Manufacturing digitalization and machines upgrade at Cecimo General Assembly

logo-CECIMOAccording to Cecimo General Assembly that took place in Fuschlsee, Austria on 21 June 2016, the European machine tool production increased 5% to 24.3 billion euro in 2015 e the machine tool exports are estimated to reach a record level of 19.0 billion euro in 2016. To tap into opportunities offered by digitisation, Europe needs to develop a new and forward-looking policy approach addressing the entire manufacturing value chain. European machine tool builders are concerned that production plants in Europe are slowly becoming obsolete.

Economic situation and outlook
The European machine tool consumption increased by 12% to 14.9 billion euro in 2015. The growth of consumption is expected to slow down to 1% and machines in an estimated value of 15.4 billion euro will be installed in 2016. The domestic order intake supports the forecast. The value of bookings by the domestic clients increased 2% in the fourth quarter of 2015 compared to the same period a year before. For the next three years, we forecast the European machine tool consumption to grow about 3.7% annually. “We are glad to see that the machine tool consumption in Europe shows good pace. Upgrading and modernising its production base is an essential condition to keep the competitiveness of European manufacturing sector at high levels,” added Dr Frank Brinken, Chairman of the Cecimo Economic Committee and Vice-Chairman of Starrag Holding AG.

Policy priorities
Digitisation of manufacturing
Digitisation re-defines the rules of global competitiveness in the advanced manufacturing sector. The use of digital technologies leads to significant gains in productivity, energy efficiency and mass customization, altogether generating great avenues for the re-industrialization of Europe. Against this background, Europe is required to move faster and generate the framework conditions needed for advanced manufacturers to tap into new opportunities.

To make Europe a centre of excellence for digital manufacturing, it needs to develop instruments generating new ways of collaboration between advanced manufactures and ICT actors.  In particular, manufacturing SMEs from across Europe should be well integrated in the digital manufacturing transnational value chain. Various initiatives pertaining to digitisation have already been launched by regional, national and European authorities to help manufacturers generate innovative solutions, but to cope with the increasing pressures from competitors across the world, the EU must pool its resources and act in a coordinated manner.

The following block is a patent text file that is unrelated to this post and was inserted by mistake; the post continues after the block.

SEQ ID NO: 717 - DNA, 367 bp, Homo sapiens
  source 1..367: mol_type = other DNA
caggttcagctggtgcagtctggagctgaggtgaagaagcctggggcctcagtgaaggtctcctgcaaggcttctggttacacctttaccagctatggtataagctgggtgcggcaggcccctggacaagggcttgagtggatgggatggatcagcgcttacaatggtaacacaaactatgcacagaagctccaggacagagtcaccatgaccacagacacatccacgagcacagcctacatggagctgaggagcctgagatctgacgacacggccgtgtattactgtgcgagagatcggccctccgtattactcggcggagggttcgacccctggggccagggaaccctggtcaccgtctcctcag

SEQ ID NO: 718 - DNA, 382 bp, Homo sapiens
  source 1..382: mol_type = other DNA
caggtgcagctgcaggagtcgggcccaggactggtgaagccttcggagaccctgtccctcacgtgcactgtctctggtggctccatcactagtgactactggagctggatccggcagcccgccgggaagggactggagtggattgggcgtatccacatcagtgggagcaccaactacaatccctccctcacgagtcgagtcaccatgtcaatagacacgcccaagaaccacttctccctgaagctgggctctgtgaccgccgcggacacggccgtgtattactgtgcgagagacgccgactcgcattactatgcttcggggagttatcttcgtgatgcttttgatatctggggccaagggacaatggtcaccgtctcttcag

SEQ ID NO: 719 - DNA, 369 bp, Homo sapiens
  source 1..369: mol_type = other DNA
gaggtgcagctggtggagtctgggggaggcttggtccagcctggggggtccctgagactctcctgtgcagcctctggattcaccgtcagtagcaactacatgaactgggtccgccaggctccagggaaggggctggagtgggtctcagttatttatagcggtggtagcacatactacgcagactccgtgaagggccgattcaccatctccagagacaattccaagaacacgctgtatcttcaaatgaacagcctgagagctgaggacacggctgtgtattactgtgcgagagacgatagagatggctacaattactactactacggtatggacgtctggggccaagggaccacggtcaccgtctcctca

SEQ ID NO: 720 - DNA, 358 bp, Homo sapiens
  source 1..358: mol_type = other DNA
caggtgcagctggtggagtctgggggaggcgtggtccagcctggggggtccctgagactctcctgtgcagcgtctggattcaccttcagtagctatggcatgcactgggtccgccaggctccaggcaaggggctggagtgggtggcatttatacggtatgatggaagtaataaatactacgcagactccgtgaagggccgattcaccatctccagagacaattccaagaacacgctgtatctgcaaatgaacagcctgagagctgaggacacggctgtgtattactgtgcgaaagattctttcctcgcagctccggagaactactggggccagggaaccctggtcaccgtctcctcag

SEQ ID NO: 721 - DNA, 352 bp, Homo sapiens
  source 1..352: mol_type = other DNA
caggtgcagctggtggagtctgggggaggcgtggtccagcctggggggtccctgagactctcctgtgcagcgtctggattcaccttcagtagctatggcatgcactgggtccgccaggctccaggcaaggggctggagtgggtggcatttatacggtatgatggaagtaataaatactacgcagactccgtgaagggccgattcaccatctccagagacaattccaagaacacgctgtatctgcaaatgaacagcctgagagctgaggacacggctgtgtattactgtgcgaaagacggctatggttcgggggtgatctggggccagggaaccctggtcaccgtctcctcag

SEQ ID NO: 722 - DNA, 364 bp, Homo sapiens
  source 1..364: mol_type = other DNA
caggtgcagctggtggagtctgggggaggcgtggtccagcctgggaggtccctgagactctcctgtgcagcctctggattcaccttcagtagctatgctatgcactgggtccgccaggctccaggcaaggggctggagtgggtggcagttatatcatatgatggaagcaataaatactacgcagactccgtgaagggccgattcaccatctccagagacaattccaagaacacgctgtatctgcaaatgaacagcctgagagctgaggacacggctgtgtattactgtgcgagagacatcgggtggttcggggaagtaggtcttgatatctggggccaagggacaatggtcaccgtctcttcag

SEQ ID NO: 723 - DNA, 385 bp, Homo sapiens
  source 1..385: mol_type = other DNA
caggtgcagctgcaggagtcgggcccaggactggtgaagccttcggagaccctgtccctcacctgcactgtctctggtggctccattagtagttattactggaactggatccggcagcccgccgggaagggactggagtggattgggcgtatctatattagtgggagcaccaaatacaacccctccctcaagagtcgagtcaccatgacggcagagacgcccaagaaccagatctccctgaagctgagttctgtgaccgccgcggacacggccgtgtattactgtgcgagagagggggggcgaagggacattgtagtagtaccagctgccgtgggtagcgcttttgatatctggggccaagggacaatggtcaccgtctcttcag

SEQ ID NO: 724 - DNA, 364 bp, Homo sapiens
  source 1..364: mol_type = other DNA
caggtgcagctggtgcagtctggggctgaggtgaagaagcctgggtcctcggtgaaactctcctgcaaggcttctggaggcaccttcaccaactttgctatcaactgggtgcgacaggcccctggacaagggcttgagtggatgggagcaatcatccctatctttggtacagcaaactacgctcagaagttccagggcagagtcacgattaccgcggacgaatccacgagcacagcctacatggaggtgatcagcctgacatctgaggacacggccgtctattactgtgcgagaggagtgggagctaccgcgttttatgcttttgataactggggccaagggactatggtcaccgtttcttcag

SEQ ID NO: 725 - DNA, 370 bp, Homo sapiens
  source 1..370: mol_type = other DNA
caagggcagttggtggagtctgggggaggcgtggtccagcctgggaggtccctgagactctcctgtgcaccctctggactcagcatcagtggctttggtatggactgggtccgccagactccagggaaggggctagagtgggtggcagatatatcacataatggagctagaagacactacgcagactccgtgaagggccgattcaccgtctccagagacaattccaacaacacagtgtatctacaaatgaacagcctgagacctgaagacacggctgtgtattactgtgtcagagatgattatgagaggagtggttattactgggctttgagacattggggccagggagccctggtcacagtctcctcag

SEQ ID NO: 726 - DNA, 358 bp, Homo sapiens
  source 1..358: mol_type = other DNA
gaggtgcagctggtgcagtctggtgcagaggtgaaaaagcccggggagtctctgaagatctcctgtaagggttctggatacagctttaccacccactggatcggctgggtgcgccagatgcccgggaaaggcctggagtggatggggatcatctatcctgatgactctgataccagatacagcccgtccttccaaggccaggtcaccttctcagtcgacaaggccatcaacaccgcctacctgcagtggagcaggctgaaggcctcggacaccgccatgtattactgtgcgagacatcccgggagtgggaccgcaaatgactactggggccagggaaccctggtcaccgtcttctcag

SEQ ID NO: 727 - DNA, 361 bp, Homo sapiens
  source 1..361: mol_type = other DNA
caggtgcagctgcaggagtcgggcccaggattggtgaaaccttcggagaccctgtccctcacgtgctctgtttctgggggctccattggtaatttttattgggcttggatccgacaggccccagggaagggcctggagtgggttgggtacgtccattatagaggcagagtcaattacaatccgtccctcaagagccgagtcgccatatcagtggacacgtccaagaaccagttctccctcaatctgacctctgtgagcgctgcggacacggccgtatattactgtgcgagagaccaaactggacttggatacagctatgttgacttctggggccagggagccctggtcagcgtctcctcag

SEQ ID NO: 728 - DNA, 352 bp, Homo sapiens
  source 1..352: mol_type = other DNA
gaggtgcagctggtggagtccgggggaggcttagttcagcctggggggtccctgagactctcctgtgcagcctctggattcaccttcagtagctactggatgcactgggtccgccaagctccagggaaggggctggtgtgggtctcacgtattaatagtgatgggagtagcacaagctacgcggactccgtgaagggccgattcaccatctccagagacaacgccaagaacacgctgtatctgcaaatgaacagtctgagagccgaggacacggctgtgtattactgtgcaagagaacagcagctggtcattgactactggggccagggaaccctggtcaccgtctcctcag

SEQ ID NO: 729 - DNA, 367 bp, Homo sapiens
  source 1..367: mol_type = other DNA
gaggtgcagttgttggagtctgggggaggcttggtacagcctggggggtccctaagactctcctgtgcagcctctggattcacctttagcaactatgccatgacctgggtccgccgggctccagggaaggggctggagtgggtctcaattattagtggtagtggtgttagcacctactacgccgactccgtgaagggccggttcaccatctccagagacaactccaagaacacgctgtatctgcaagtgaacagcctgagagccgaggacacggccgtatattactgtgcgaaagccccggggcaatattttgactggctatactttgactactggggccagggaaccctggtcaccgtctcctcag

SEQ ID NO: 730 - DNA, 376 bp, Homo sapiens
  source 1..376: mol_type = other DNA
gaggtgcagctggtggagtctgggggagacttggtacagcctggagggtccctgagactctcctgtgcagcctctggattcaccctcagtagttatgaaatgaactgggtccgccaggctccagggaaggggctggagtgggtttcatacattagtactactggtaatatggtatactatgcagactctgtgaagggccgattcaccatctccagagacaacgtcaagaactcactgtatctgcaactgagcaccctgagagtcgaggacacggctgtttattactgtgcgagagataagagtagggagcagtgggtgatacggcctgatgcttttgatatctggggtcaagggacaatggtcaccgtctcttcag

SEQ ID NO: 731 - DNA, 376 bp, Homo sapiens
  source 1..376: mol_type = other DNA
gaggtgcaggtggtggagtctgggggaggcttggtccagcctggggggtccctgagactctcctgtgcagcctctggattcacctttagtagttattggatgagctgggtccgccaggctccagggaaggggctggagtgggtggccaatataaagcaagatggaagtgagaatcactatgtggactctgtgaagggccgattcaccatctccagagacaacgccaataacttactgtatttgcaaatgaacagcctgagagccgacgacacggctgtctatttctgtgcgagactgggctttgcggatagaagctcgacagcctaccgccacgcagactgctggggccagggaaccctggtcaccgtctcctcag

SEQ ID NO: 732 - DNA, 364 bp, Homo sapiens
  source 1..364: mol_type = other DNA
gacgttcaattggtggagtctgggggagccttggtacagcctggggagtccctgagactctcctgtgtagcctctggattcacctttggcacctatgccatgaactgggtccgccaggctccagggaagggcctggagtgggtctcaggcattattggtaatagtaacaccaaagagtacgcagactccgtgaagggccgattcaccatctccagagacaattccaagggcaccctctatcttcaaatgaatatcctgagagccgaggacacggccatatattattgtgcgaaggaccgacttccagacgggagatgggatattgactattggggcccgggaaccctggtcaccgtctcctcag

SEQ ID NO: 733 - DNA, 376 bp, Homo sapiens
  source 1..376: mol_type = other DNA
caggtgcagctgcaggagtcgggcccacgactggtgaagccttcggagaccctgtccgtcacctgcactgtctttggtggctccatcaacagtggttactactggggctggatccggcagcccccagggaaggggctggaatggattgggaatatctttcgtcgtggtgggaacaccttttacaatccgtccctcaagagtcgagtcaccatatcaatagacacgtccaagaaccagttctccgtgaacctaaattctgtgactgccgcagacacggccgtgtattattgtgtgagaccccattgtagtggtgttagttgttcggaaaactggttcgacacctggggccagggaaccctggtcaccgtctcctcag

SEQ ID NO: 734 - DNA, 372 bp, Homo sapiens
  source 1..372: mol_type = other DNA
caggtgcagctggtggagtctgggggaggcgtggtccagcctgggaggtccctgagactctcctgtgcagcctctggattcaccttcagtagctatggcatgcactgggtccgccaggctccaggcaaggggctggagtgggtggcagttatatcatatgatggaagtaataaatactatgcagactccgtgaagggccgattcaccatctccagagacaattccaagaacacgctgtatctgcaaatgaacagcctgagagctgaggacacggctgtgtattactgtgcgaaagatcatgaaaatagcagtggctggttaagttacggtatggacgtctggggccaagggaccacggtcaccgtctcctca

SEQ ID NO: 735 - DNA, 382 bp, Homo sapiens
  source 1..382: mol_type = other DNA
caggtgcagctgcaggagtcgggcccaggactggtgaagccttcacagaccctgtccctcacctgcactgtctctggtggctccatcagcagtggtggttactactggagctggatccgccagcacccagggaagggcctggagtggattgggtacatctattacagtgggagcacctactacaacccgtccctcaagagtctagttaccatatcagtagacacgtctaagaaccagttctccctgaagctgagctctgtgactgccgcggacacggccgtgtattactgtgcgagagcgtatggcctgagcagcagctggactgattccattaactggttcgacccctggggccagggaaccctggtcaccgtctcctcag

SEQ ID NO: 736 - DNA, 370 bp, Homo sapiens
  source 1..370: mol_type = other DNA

Upgrade of the machinery park
European machine tool builders are concerned that production plants in Europe are slowly becoming obsolete. According to available figures collected by some of Cecimo National Associations, the age of the machinery park in some Member States with a strong manufacturing base has reached 19.1 years while the lifespan of a machine tool, depending on its type, is around 15 years. Despite the existence of a political will to advance manufacturing in Europe, progress on investing in new machines and equipment by industrial users has been insignificant so far. Further delays in the recovery of investments in machinery and equipment weaken the entire competitiveness of the European manufacturing industry. Filip Geerts, Director General at Cecimo, adds: “The slowdown in demand for new equipment hampers the ability of developing breakthrough production technologies, as innovation is mainly driven by customer demands and cooperation between suppliers and users in the machine tool sector. We urgently need an action plan mobilizing the EU’s major policy instruments to put an end to the lack of investment in modern production equipment by end-users. If Europe wants to stay in the global race for advanced manufacturing, it needs to maintain a strong supplier base in Europe.”

Wire Tech World © 2024 All Rights Reserved